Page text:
Data Center Development and Historic Battlefields
When emerging technology meets historic landscapes
From its earliest origins, the battlefield preservation movement has had to contend with large scale development proposals that threaten historic landscapes. But whereas once those projects were subdivisions and strip malls, increasingly, we find that our opponents are deep-pocketed technology firms seeking to build hulking data center complexes. This represents an unprecedented threat to our historic landscapes, consuming land outright and pricing preservationists out of the real estate market.
It is important to remember that development and preservation need not be mutually exclusive. Thoughtful policy and land-use decisions can result in thriving communities that embrace technology and economic growth while respecting the unique historic and environmental resources that cannot be moved. The Trust and its allies strive for respectful negotiations that yield win-win solutions – but we are willing to fight when needed.
An Emerging Threat
Data centers are large industrial complexes of multiple buildings up to 100’ tall that function as the backbone of the modern cloud-based internet. They are often hulking, windowless structures built not to accommodate people, but the vast array of computer servers that power our web-enabled lives.
Globally, data centers consume more energy than the nations of South Africa or Egypt each year. Every day, a large facility (known in the industry as a “hyperscale”) requires as much water and power as a 25,000-person town to operate. Massive amounts of electricity keep the computers churning and the air conditioning – which in turn requires between 3-5 million gallons of water – needed to cool them humming.
Surrounding communities face significant issues from these types of new neighbors. Noise pollution is ubiquitous and concerns about water runoff and decreased water quality because of higher salinity are well-founded. Despite these and many other potential troubles, many jurisdictions are eager to embrace data centers because of easy tax revenue.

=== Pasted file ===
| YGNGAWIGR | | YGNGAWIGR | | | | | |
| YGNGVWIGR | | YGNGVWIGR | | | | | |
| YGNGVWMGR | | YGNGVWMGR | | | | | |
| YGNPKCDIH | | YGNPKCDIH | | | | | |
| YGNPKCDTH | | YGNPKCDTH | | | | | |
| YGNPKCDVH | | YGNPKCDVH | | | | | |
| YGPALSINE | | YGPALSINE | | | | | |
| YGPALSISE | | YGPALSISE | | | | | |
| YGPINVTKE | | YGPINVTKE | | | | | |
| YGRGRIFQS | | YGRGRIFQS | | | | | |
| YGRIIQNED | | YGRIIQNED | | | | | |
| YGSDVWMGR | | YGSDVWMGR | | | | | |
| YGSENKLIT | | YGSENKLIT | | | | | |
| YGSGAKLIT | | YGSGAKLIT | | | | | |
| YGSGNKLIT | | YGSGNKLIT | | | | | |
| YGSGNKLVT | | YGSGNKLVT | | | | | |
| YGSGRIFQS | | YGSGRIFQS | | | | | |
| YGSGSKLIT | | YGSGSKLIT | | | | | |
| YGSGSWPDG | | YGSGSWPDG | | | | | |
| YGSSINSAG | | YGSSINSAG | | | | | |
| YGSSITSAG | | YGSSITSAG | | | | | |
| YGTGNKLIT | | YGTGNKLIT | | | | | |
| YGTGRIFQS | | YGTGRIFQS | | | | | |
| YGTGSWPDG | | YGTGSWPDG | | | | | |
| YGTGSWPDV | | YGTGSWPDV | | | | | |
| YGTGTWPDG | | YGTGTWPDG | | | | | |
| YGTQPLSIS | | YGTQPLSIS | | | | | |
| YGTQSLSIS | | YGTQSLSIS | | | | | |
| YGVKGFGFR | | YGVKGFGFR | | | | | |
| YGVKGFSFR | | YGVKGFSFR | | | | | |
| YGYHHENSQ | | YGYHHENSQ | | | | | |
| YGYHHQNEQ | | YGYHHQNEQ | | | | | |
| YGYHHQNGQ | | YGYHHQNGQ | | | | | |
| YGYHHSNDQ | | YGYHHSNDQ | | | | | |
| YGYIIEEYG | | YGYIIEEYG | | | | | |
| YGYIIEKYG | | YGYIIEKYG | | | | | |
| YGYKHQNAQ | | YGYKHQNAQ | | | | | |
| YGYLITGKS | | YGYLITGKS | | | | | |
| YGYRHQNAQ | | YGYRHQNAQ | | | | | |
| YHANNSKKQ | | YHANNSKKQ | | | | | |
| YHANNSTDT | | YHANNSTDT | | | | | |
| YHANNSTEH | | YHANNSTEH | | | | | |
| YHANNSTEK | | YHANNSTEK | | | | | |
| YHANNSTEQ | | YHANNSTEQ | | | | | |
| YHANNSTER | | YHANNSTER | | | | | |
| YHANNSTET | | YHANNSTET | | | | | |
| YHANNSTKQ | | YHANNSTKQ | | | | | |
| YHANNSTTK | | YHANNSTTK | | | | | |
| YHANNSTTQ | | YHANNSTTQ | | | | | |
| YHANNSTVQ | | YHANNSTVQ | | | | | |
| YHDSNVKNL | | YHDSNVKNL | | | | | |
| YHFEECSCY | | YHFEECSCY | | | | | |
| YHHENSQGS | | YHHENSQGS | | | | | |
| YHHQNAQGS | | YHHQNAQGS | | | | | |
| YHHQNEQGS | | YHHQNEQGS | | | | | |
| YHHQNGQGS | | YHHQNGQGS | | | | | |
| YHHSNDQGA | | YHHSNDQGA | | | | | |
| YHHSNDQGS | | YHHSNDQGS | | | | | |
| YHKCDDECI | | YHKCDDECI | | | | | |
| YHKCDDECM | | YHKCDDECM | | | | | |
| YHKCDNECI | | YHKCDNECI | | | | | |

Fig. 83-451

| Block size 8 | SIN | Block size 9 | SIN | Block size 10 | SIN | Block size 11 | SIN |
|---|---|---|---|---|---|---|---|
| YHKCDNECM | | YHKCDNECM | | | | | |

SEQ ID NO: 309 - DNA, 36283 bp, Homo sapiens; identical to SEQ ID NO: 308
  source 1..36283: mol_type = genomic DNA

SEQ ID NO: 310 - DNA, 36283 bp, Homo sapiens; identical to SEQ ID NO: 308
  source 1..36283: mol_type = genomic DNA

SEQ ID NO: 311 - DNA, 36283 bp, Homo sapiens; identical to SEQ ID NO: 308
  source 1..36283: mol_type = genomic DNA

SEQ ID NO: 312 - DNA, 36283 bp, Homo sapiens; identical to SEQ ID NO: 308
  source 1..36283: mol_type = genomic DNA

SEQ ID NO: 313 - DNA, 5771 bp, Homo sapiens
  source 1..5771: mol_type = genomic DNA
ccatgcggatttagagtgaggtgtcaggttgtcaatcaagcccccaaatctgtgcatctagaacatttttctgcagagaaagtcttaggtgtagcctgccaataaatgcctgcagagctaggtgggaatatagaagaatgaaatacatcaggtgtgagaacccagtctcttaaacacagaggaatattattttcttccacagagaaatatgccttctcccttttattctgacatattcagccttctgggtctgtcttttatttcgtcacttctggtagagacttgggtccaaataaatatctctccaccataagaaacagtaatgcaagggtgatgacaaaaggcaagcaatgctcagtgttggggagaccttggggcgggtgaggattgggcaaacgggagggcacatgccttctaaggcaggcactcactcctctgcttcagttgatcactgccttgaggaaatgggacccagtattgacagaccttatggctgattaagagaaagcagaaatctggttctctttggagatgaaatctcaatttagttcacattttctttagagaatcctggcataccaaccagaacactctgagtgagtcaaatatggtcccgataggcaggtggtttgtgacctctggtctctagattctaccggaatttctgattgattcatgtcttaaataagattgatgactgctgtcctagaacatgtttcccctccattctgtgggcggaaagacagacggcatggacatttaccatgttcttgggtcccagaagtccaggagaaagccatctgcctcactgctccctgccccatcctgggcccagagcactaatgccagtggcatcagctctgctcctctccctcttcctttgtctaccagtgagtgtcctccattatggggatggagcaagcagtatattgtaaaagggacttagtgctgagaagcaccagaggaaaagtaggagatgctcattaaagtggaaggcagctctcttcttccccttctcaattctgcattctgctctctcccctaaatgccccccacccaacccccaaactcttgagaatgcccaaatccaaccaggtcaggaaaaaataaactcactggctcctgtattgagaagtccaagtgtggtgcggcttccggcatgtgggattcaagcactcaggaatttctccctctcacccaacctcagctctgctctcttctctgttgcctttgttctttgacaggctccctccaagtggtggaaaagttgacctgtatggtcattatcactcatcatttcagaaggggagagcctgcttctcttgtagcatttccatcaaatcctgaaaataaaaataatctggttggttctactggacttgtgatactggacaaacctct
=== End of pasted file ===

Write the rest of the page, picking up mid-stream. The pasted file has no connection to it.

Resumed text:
Many data centers are underwritten by the biggest companies on earth – Amazon, Meta and others for whom price is no object. They can pay exponentially more than the previous fair market value for a given parcel of land and groups like the Trust and the National Park Service can be easily priced out of desirable regions.
Virginia in the Bullseye
Data centers are a widespread threat to historic landscapes everywhere, but the situation is most acute in Virginia, thanks to a confluence of geography, state legislation and local zoning decisions. Put simply: The Old Dominion is the data center capital of the world, home to 35% of all hyperscale facilities. Even more striking, 70% of global internet traffic flows through Loudoun County alone.
As of the summer of 2023, the Trust is engaged with proposals for data centers on or adjacent to significant Virginia battlefields, including Brandy Station, Deep Bottom, Glendale, Manassas, North Anna, the Wilderness and more. Read the call to action from Trust President David Duncan and Manassas Battlefield Trust President Scott Neese published by the Prince William Times on September 7.
And the trend is not slowing. Today, data centers account for more than a fifth of all electricity consumption in the state, but the regional transmission organization estimates that the peak summer load will double within 14 years, requiring massive and expensive upgrades to the grid – including substations and powerline corridors that will consume yet more battlefield land.
At the American Battlefield Trust, we recognize the necessity of data centers in our modern lives. But we believe that as part of the calculus in planning technological infrastructure, developers should collaborate with preservationists and local communities to protect historic resources.